Revisions to a proposed Wichita school district policy on reporting suspected abuse now directs employees to call 911 immediately if they witness a situation “that may constitute criminal activity.”
The addition was prompted by concerns from some school board members last month that the policy did not expressly direct teachers to call police, but instead required them to call district security.
“People know 911. That’s the emergency number,” board member Joy Eakins said during the meeting Aug. 26. “So to me, when there’s something of imminent harm happening – I don’t care if it’s on school grounds – that’s who you call.”
The revised policy, which comes more than a year after a Wichita kindergarten teacher lost her job after allegedly failing to report suspected abuse quickly enough, is intended to clarify procedures in language that matches current state law.
Never miss a local story.
Kansas law requires teachers, doctors, counselors and other mandatory reporters to inform either local law enforcement or the Kansas Protection Reporting Center if they suspect a child has been abused. The proposed policy includes the toll-free number and Web address for the reporting center.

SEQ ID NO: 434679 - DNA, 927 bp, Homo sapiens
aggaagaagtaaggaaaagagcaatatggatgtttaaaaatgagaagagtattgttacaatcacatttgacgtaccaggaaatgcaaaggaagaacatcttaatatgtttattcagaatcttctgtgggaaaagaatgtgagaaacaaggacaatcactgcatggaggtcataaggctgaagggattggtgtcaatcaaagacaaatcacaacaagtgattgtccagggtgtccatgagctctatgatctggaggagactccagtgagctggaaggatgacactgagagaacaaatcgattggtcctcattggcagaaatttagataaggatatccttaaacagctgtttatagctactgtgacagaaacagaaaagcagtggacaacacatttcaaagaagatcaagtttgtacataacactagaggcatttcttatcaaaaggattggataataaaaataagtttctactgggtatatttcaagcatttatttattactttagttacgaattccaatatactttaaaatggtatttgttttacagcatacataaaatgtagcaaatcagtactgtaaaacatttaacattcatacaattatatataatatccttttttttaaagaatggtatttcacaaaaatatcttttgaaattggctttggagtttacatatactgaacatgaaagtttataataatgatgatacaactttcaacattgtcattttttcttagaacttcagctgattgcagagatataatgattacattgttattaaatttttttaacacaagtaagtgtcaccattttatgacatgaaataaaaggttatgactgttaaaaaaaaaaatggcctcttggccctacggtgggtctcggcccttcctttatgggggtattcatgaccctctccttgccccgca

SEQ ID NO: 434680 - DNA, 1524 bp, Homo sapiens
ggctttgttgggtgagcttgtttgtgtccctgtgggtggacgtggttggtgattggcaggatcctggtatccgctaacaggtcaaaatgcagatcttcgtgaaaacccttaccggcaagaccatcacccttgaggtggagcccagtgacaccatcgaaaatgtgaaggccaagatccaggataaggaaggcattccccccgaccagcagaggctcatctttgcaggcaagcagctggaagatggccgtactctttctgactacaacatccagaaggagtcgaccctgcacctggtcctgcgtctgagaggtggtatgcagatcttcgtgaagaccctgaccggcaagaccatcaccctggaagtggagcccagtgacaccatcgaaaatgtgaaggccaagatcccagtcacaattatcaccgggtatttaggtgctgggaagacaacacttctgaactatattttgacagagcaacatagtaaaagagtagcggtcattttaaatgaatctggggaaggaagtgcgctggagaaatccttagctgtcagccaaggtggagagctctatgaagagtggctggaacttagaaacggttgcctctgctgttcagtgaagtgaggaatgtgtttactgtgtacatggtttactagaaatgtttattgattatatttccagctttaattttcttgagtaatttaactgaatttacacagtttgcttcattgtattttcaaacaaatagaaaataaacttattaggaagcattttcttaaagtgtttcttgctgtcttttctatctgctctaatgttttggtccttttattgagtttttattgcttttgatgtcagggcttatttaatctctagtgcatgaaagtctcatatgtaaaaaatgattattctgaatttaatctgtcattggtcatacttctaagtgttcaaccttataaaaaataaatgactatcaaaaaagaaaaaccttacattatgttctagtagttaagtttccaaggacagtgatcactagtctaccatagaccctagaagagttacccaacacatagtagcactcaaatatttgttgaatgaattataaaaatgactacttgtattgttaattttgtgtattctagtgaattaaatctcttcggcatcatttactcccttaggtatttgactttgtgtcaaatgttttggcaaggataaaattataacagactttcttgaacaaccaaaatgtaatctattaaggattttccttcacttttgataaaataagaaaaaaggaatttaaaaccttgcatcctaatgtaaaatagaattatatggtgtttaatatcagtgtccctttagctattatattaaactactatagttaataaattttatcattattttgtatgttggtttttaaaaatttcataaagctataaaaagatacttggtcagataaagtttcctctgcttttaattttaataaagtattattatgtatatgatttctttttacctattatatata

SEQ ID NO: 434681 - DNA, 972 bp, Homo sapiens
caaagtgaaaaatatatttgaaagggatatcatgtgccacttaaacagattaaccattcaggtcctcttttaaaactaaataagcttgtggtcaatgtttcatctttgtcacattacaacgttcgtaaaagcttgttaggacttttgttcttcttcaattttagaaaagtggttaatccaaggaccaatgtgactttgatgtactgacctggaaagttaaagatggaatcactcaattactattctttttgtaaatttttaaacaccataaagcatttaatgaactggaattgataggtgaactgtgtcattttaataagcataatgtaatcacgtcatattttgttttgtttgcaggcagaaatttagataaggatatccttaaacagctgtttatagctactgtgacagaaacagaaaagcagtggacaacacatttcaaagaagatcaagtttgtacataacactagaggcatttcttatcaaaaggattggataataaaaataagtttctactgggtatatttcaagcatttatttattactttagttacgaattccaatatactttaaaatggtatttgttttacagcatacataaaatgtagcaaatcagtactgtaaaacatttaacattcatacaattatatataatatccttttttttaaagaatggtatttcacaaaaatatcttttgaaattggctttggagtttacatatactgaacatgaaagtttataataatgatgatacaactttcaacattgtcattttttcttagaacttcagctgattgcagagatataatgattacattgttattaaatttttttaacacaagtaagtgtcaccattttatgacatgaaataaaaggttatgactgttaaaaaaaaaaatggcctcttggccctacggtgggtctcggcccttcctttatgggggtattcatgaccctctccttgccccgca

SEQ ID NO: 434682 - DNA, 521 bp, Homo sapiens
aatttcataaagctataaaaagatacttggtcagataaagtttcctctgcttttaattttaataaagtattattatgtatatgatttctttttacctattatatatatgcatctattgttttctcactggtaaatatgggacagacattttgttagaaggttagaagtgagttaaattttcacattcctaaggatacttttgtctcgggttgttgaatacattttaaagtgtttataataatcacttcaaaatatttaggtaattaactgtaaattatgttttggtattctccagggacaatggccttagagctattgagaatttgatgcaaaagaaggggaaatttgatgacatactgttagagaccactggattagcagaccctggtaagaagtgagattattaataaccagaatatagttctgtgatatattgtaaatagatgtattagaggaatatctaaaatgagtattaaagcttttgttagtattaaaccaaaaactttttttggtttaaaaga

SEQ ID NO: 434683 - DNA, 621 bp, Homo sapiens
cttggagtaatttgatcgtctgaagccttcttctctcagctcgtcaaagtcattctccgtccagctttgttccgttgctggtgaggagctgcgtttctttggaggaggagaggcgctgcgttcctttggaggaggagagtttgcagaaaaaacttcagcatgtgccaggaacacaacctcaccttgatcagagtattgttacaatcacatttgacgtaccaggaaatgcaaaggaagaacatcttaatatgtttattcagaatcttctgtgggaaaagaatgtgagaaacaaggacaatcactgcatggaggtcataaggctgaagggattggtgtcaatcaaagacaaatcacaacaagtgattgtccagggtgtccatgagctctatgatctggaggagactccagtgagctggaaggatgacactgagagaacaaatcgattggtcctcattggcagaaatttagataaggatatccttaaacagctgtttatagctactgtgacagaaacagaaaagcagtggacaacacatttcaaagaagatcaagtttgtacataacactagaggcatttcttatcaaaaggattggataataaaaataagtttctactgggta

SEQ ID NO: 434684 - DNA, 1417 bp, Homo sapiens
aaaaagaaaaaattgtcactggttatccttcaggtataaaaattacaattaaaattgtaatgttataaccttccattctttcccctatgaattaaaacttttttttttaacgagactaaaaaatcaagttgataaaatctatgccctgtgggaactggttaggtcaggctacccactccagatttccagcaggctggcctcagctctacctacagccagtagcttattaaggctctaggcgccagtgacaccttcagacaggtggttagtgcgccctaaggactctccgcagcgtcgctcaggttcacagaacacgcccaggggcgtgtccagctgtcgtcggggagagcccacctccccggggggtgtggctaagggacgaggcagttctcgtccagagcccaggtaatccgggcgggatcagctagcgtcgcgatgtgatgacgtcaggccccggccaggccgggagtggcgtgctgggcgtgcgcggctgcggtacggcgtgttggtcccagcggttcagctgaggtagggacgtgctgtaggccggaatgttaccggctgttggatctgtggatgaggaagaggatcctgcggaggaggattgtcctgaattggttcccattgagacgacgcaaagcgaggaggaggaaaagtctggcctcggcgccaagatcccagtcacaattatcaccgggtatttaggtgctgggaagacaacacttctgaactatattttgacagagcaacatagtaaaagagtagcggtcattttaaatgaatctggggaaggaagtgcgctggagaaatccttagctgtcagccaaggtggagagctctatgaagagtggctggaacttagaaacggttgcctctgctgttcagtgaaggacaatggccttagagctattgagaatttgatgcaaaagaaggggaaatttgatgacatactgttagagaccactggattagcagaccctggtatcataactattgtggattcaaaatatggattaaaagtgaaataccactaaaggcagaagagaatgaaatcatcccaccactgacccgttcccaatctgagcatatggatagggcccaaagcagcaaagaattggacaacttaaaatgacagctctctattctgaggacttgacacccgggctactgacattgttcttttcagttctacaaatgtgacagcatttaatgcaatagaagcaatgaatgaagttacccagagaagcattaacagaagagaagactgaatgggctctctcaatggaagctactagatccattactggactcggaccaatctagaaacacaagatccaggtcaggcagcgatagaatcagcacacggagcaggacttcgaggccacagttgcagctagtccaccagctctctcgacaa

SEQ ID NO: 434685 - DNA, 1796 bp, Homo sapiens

The revised policy, which the board is expected to vote on during its regular meeting Monday, also requires teachers to notify their building principal promptly of their suspicions, but says the “first duty of an employee is to contact KPRC.”
Board member Barbara Fuller requested that clarification, saying the policy should stress that employees report any suspected abuse first before notifying a principal.
The Wichita district logged 1,982 reports of suspected abuse or neglect last school year, said Loren Pack, coordinator of social work services for the district. The previous year, employees made about 1,600 reports, Pack said; the year before that, about 1,400 reports.
Also on Monday, the school board will hear another report from Aaron Wells, an employee benefits consultant, about establishing an on-site health center for school district employees. Earlier this year, Wells said at least one centrally located health care center could reduce the district’s health care costs.
The clinic would be an option, not a requirement, for employees and their families.
Such clinics would be something between a drug store clinic and a fully staffed medical office. They would offer a range of preventative health services — such as physicals, vaccinations and disease management — as well as acute care for common illnesses and conditions, Wells said.
Board member Lynn Rogers requested a follow-up report to get more details about the costs and benefits of establishing an employee clinic.
The board meets at 6 p.m. Monday in the North High lecture hall, 1437 Rochester.